Can You “Take The Fifth” During An Illinois Divorce Case?
Most people’s exposure to the legal system is usually in the form of crime movies where the alleged criminal says “I plead the fifth” in order to avoid testifying to something. The movie judge, inevitably, shrugs their shoulders and the alleged criminal doesn’t have to testify. Does this happen in real life? Specifically, can you “Plead the Fifth” during an Illinois divorce case?
What Is “Pleading the Fifth” or “Taking the Fifth”
The Fifth Amendment of the United States Constitution has a clause which reads, “No person… shall be compelled in any criminal case to be a witness against himself.” U.S. Const. amend.IV
This clause in the United States Constitution has been held to be a privilege against self-incrimination. This privilege allows any person to refuse to answer a question wherein they may be testifying AGAINST themselves.
Invoking this privilege against self-incrimination is called “Pleading the Fifth.”
To “Plead the Fifth”, one must merely say “I plead the fifth.” A person can plead the fifth in court, in a deposition, or anywhere really if they are asked a question they believe the answer to which could hurt them in some way.
For a court to allow that “pleading the fifth” privilege to completely excuse testimony is another story.
“To sustain the privilege, it need only be evident from the implications of the question, in the setting in which it is asked, that a responsive answer to the question or an explanation of why it cannot be answered might be dangerous because injurious disclosure could result.” Hoffman v. United States, 341 U.S. 479 (1951)
In a divorce case, almost everything that comes out of a divorcing party’s mouth could potentially hurt them. So, why doesn’t everyone “Plead the Fifth” in an Illinois divorce?
“Pleading The Fifth” In An Illinois Divorce Case
The Fifth Amendment is obviously applicable in a criminal case. The clause even specifies that it is to be applied in a “criminal case.” The person being asked to testify is accused of a crime. So, whatever they might say could clearly implicate themselves in the crime they are accused of.
In a civil case, where the court is trying to resolve a dispute between two parties, there isn’t an overarching fear of criminal prosecution…but there might be if the statement implicated the party in a separate existing or possible criminal case.
Furthermore, a statement doesn’t just have to be testimony by a party. A statement could be documents that the party controls and is asked for by the other side through the discovery process.
“As with any other statement, the “statement” made by producing requested documents is privileged under the fifth amendment only if it meets the three requirements for such protection: that is, the act of production itself is compelled, testimonial, and incriminating” Mueller Industries, Inc. v. Berkman, 927 NE 2d 794 – Ill: Appellate Court, 2nd Dist. 2010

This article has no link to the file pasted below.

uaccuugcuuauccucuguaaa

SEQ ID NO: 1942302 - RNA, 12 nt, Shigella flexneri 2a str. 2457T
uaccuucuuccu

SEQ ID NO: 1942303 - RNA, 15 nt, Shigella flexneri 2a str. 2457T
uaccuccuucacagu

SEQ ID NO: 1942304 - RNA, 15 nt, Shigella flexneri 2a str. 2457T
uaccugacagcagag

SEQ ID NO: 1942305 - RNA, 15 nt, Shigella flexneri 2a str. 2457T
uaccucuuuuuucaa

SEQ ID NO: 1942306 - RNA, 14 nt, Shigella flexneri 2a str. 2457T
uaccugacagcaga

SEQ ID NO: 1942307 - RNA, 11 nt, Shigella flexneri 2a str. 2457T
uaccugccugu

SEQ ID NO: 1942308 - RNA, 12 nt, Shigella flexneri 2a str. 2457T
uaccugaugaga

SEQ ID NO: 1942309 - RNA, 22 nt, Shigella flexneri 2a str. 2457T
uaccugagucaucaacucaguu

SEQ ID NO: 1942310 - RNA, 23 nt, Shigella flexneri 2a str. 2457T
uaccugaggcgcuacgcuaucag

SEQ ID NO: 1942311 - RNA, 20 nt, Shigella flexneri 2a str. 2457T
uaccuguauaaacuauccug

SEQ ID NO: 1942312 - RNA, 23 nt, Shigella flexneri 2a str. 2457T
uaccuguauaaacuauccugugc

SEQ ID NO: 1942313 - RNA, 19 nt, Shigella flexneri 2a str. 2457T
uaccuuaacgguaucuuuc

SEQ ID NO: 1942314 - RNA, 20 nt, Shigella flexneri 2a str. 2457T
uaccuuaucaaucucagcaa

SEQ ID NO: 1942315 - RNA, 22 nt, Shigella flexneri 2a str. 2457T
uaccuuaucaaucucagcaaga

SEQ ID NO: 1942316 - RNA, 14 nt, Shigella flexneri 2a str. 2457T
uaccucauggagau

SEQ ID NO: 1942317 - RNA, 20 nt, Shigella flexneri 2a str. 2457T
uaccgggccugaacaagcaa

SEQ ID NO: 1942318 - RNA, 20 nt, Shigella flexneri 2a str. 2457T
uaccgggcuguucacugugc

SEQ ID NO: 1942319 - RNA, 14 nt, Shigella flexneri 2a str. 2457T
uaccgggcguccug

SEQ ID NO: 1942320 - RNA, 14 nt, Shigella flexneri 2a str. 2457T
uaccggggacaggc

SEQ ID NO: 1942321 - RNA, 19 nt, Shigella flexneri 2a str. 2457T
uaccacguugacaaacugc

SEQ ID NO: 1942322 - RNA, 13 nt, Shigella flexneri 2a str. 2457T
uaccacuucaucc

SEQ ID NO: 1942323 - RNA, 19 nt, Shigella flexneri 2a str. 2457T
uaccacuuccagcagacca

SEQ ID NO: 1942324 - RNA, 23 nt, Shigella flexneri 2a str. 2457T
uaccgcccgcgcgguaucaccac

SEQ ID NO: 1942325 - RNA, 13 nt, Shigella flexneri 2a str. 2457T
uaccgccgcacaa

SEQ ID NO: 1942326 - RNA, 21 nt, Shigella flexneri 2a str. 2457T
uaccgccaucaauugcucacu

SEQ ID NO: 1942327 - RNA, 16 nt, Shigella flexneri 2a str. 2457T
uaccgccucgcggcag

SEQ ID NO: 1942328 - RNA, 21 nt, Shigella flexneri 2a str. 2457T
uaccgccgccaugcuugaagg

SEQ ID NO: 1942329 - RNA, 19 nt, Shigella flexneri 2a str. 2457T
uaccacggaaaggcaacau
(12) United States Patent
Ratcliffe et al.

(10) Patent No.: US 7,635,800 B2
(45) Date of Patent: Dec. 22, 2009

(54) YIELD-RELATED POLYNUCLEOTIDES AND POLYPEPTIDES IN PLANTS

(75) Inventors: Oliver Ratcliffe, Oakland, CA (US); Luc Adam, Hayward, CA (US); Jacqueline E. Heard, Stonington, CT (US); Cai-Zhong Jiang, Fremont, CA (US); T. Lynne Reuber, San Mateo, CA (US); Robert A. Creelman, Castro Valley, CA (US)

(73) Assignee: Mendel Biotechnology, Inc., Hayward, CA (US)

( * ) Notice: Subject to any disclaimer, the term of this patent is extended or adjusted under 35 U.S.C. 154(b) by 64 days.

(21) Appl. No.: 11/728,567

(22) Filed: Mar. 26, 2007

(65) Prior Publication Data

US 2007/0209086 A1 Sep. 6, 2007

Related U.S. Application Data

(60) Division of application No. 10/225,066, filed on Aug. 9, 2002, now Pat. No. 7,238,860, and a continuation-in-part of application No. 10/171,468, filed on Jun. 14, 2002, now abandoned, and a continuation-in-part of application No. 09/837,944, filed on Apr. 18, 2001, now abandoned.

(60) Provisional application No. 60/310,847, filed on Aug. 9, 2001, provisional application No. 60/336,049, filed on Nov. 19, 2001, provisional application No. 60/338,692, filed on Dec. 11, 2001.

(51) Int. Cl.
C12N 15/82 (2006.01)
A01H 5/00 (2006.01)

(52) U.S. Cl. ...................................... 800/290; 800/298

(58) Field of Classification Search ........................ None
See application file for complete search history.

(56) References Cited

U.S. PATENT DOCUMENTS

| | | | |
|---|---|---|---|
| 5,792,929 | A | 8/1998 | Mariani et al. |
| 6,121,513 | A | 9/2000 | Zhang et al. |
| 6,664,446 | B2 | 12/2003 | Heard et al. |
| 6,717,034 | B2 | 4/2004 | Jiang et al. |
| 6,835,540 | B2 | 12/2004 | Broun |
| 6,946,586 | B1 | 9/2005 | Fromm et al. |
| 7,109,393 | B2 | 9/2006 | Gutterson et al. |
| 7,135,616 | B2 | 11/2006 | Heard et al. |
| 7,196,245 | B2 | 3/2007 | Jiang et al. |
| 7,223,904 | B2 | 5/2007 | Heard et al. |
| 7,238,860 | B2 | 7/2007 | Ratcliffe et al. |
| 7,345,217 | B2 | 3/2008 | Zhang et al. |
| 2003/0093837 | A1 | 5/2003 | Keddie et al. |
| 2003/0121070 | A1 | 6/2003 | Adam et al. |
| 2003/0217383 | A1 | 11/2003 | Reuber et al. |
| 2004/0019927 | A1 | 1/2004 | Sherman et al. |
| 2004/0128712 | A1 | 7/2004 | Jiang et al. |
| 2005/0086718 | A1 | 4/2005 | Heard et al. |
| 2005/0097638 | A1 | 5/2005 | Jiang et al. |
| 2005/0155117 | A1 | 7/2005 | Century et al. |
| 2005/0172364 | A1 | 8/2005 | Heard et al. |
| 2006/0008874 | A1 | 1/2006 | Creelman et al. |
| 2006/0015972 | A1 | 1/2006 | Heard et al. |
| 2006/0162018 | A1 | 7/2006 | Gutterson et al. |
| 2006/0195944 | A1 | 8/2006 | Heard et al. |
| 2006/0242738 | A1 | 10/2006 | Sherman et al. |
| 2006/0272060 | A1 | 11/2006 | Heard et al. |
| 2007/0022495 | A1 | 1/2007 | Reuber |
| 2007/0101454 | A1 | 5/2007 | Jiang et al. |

So, why can’t every single divorce litigant merely claim to be possibly cheating on their taxes and therefore be possibly subject to criminal penalties. Doing so would be a valid reason to “Plead the Fifth” for both testimony and production of documents.
Well, you are welcome to try this strategy (many have) but you will find that “Pleading the Fifth” during an Illinois divorce will blow up in your face.
“[A] number of jurisdictions have overwhelmingly rejected the contention that a plaintiff in a civil action may invoke the fifth amendment privilege against self-incrimination while still maintaining the lawsuit.” In re Marriage of Roney, 773 NE 2d 213 – Ill: Appellate Court, 4th Dist. 2002
In Illinois, a divorce suit may be dismissed outright because of the invocation of the fifth amendment.
“Although it is true that plaintiffs cannot be forced to involuntarily incriminate themselves, we do not believe they should be permitted to use the Fifth Amendment privilege as both a shield of protection and a sword of attack. Plaintiffs have forced defendants into court. It would be unjust to allow them to prosecute their cause of action and, at the same time, refuse to answer questions, the answers to which may substantially aid defendants or even establish a complete defense.” Galante vs. Steel City National Bank of Chicago, 384 N.E.2d 57 (1978)
In an Illinois divorce case, what’s more likely to happen is that the invoker of the Fifth Amendment will be denied presentation of ANY evidence. This will allow the other party who filed the Petition for Dissolution Of Marriage or a Counter-Petition For Dissolution Of Marriage to put their case on without interruption and obtain what is effectively a default divorce.
Finally, if you imply that testifying to something or turning over a document could implicate you, expect to have the police, the FBI or the IRS knocking at your door shortly. An Illinois judge may report suspected criminal conduct to a prosecuting authority (but, curiously, they are not required to). Ill. Judges Ass’n Ethics, Op. 2002-01, p. 2 (Oct. 2002).
There Are Other Ways To Keep Evidence Out Of A Divorce Court
Instead of pleading the fifth, a divorce litigant can invoke any number of other privileges to keep information away from an Illinois divorce court’s possible examination.
Typically, any document between an attorney and client, therapist and client, priest and parishioner, even an accountant and client, will have some kind of privilege associated with that document that can keep private information private.
Any attempts by the opposing side to subpoena your private information when it’s held by a third party can be stymied, at least temporarily, by a motion to quash on the basis of whatever privilege you are invoking.
If you’d like to “take the fifth” in your Illinois divorce, you should probably stop watching movies and start talking to an experienced Chicago divorce lawyer.